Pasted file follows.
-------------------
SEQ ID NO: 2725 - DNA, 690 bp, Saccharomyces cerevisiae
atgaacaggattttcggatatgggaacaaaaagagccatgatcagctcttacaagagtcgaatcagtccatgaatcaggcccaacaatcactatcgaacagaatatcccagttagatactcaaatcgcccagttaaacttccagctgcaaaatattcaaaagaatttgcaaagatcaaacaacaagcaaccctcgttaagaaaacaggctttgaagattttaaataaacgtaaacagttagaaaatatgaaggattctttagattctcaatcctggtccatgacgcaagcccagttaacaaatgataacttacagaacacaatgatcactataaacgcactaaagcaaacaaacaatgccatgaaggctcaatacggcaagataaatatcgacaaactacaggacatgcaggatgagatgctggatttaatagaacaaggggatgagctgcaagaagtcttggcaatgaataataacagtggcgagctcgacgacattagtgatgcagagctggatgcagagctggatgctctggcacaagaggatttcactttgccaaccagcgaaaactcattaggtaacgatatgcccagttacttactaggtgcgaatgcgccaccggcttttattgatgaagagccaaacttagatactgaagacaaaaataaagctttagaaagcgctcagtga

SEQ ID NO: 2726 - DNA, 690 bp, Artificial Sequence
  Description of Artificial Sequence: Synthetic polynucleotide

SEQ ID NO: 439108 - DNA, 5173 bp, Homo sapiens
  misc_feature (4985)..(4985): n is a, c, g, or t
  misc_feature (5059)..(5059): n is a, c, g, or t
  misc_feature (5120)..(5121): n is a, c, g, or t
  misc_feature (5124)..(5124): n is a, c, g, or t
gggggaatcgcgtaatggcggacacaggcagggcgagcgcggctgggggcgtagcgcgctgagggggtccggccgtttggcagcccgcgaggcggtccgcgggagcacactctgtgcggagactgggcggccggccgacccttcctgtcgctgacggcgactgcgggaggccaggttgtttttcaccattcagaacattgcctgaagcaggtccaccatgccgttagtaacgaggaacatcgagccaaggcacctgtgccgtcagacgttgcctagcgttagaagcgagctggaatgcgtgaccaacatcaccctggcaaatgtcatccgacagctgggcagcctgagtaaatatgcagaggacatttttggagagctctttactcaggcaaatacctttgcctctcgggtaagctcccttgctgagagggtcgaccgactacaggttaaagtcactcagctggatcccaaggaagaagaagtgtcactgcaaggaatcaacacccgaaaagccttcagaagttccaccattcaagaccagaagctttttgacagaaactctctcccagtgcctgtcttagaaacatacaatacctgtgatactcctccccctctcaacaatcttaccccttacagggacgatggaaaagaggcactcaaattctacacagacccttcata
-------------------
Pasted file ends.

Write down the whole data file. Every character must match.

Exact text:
SEQ ID NO: 2725 - DNA, 690 bp, Saccharomyces cerevisiae
atgaacaggattttcggatatgggaacaaaaagagccatgatcagctcttacaagagtcgaatcagtccatgaatcaggcccaacaatcactatcgaacagaatatcccagttagatactcaaatcgcccagttaaacttccagctgcaaaatattcaaaagaatttgcaaagatcaaacaacaagcaaccctcgttaagaaaacaggctttgaagattttaaataaacgtaaacagttagaaaatatgaaggattctttagattctcaatcctggtccatgacgcaagcccagttaacaaatgataacttacagaacacaatgatcactataaacgcactaaagcaaacaaacaatgccatgaaggctcaatacggcaagataaatatcgacaaactacaggacatgcaggatgagatgctggatttaatagaacaaggggatgagctgcaagaagtcttggcaatgaataataacagtggcgagctcgacgacattagtgatgcagagctggatgcagagctggatgctctggcacaagaggatttcactttgccaaccagcgaaaactcattaggtaacgatatgcccagttacttactaggtgcgaatgcgccaccggcttttattgatgaagagccaaacttagatactgaagacaaaaataaagctttagaaagcgctcagtga

SEQ ID NO: 2726 - DNA, 690 bp, Artificial Sequence
  Description of Artificial Sequence: Synthetic polynucleotide

SEQ ID NO: 439108 - DNA, 5173 bp, Homo sapiens
  misc_feature (4985)..(4985): n is a, c, g, or t
  misc_feature (5059)..(5059): n is a, c, g, or t
  misc_feature (5120)..(5121): n is a, c, g, or t
  misc_feature (5124)..(5124): n is a, c, g, or t
gggggaatcgcgtaatggcggacacaggcagggcgagcgcggctgggggcgtagcgcgctgagggggtccggccgtttggcagcccgcgaggcggtccgcgggagcacactctgtgcggagactgggcggccggccgacccttcctgtcgctgacggcgactgcgggaggccaggttgtttttcaccattcagaacattgcctgaagcaggtccaccatgccgttagtaacgaggaacatcgagccaaggcacctgtgccgtcagacgttgcctagcgttagaagcgagctggaatgcgtgaccaacatcaccctggcaaatgtcatccgacagctgggcagcctgagtaaatatgcagaggacatttttggagagctctttactcaggcaaatacctttgcctctcgggtaagctcccttgctgagagggtcgaccgactacaggttaaagtcactcagctggatcccaaggaagaagaagtgtcactgcaaggaatcaacacccgaaaagccttcagaagttccaccattcaagaccagaagctttttgacagaaactctctcccagtgcctgtcttagaaacatacaatacctgtgatactcctccccctctcaacaatcttaccccttacagggacgatggaaaagaggcactcaaattctacacagacccttcata